To Arrest or Not to Arrest: African Civic Leaders

As criticism and concerns over the arrest warrant has mounted*, others have stepped in to support the ICC’s decisions. Notably, nearly 4 months after the ICC issued the arrest warrant for Bashir, prominent peace activists and African leaders, including Nobel Peace Prize Laureates Wangari Maathai and Archbishop Desmond Tutu, issued a statement which highlights the potential of the ICC to have a positive role in securing peace and justice in Sudan.

 


African Civil Leaders, Statement on the Situation in Sudan

(June 25, 2009)1

We, the undersigned, are deeply concerned by the ongoing violence, displacement and repression in Sudan. We seek to urge the international community—including Sudan’s neighbors and friends and, in particular, the leaders and peoples of Africa—to support the search for credible justice and accountability in Sudan and the International Criminal Court’s role in promoting these.

 We view the need for justice and accountability for the peoples of Sudan, in addition to adequate humanitarian assistance and physical protection, as vital to any durable peace, and support the role of the ICC in achieving these objectives. We are hopeful that this work will help break the cycles of violence and the culture of silence in the Darfur region and throughout Sudan.    We are convinced that the ICC can be one effective vehicle, alongside national and regional mechanisms, for achieving justice for the gross violations committed by all sides in the conflict in Darfur. The people of Darfur deserve more than negotiating warlords forgiving each other for the violence—including brutal sexual violence—they have perpetrated primarily against women, children and other non-combatants. There can be no real peace without justice and security.    The people of Darfur have clearly vocalized a desire for justice and accountability. The ICC has the potential to help break the cycle of death and devastation caused by years of violent conflict and abuses of power.    We are deeply disheartened by the response of the government of Sudan to the ICC’s decision on March 4, 2009 to issue an arrest warrant for President Omar Al-Bashir. By expelling and restricting humanitarian NGOs and relief workers in the desperate Darfur region, the government of Sudan further endangers the estimated 4.7 million people in the region who rely on food, medical and water aid. The expelled organizations were responsible for some 50 percent of this aid. The Sudanese government has an obligation to ensure that the needs of its people are met and to that end must either allow these organizations back into the region, or ensure that alternative and equally capable delivery mechanisms are promptly deployed without further delay . . . .   We believe that progress in the peace talks must happen in tandem with the ICC’s work for justice and cooperation by all in restoring the capabilities of Sudan’s institutions to ensure accountability for crimes. We call on the friends of Sudan to join in supporting the independence of the ICC and the ICC’s work for justice and peace in Sudan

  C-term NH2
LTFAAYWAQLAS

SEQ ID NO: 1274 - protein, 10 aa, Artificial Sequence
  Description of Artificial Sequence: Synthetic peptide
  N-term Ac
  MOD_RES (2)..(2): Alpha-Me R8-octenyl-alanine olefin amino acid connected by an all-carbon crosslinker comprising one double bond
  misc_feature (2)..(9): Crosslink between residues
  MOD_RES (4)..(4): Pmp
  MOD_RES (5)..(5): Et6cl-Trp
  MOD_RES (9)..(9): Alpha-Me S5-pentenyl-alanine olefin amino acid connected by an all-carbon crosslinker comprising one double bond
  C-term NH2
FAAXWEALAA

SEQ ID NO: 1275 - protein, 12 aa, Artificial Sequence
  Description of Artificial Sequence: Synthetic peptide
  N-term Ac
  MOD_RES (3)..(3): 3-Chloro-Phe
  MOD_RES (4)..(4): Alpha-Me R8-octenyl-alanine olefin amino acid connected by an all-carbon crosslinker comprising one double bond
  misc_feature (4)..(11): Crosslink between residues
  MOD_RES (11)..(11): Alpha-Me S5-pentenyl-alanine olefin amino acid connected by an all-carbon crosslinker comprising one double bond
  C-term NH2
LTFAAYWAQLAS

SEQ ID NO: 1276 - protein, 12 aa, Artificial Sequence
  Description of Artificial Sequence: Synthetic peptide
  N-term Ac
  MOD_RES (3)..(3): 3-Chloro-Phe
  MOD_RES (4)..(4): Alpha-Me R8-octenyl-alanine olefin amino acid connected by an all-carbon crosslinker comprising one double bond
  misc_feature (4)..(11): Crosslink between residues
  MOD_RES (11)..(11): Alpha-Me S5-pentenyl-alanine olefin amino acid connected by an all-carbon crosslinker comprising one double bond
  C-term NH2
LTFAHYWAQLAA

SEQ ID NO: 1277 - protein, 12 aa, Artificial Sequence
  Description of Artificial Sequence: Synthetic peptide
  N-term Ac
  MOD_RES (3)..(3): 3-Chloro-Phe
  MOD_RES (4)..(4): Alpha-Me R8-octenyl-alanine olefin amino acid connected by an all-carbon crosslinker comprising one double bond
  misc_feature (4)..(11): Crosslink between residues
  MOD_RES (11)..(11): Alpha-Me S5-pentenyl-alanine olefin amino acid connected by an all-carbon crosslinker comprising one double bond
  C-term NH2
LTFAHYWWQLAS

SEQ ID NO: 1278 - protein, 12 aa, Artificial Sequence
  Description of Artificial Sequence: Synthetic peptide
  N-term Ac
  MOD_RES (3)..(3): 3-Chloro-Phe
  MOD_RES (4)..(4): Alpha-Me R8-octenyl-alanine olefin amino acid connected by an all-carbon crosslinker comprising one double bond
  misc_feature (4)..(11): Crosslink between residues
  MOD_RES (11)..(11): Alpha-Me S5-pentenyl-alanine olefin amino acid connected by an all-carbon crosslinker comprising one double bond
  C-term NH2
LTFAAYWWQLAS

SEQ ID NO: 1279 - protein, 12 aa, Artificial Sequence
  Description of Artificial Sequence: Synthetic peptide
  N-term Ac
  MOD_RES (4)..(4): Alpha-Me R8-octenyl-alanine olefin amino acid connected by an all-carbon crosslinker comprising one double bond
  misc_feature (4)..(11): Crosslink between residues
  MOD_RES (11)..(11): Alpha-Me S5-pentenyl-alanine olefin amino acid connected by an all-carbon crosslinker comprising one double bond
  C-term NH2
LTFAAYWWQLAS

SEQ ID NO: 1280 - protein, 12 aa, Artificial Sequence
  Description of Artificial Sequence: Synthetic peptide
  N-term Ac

Connections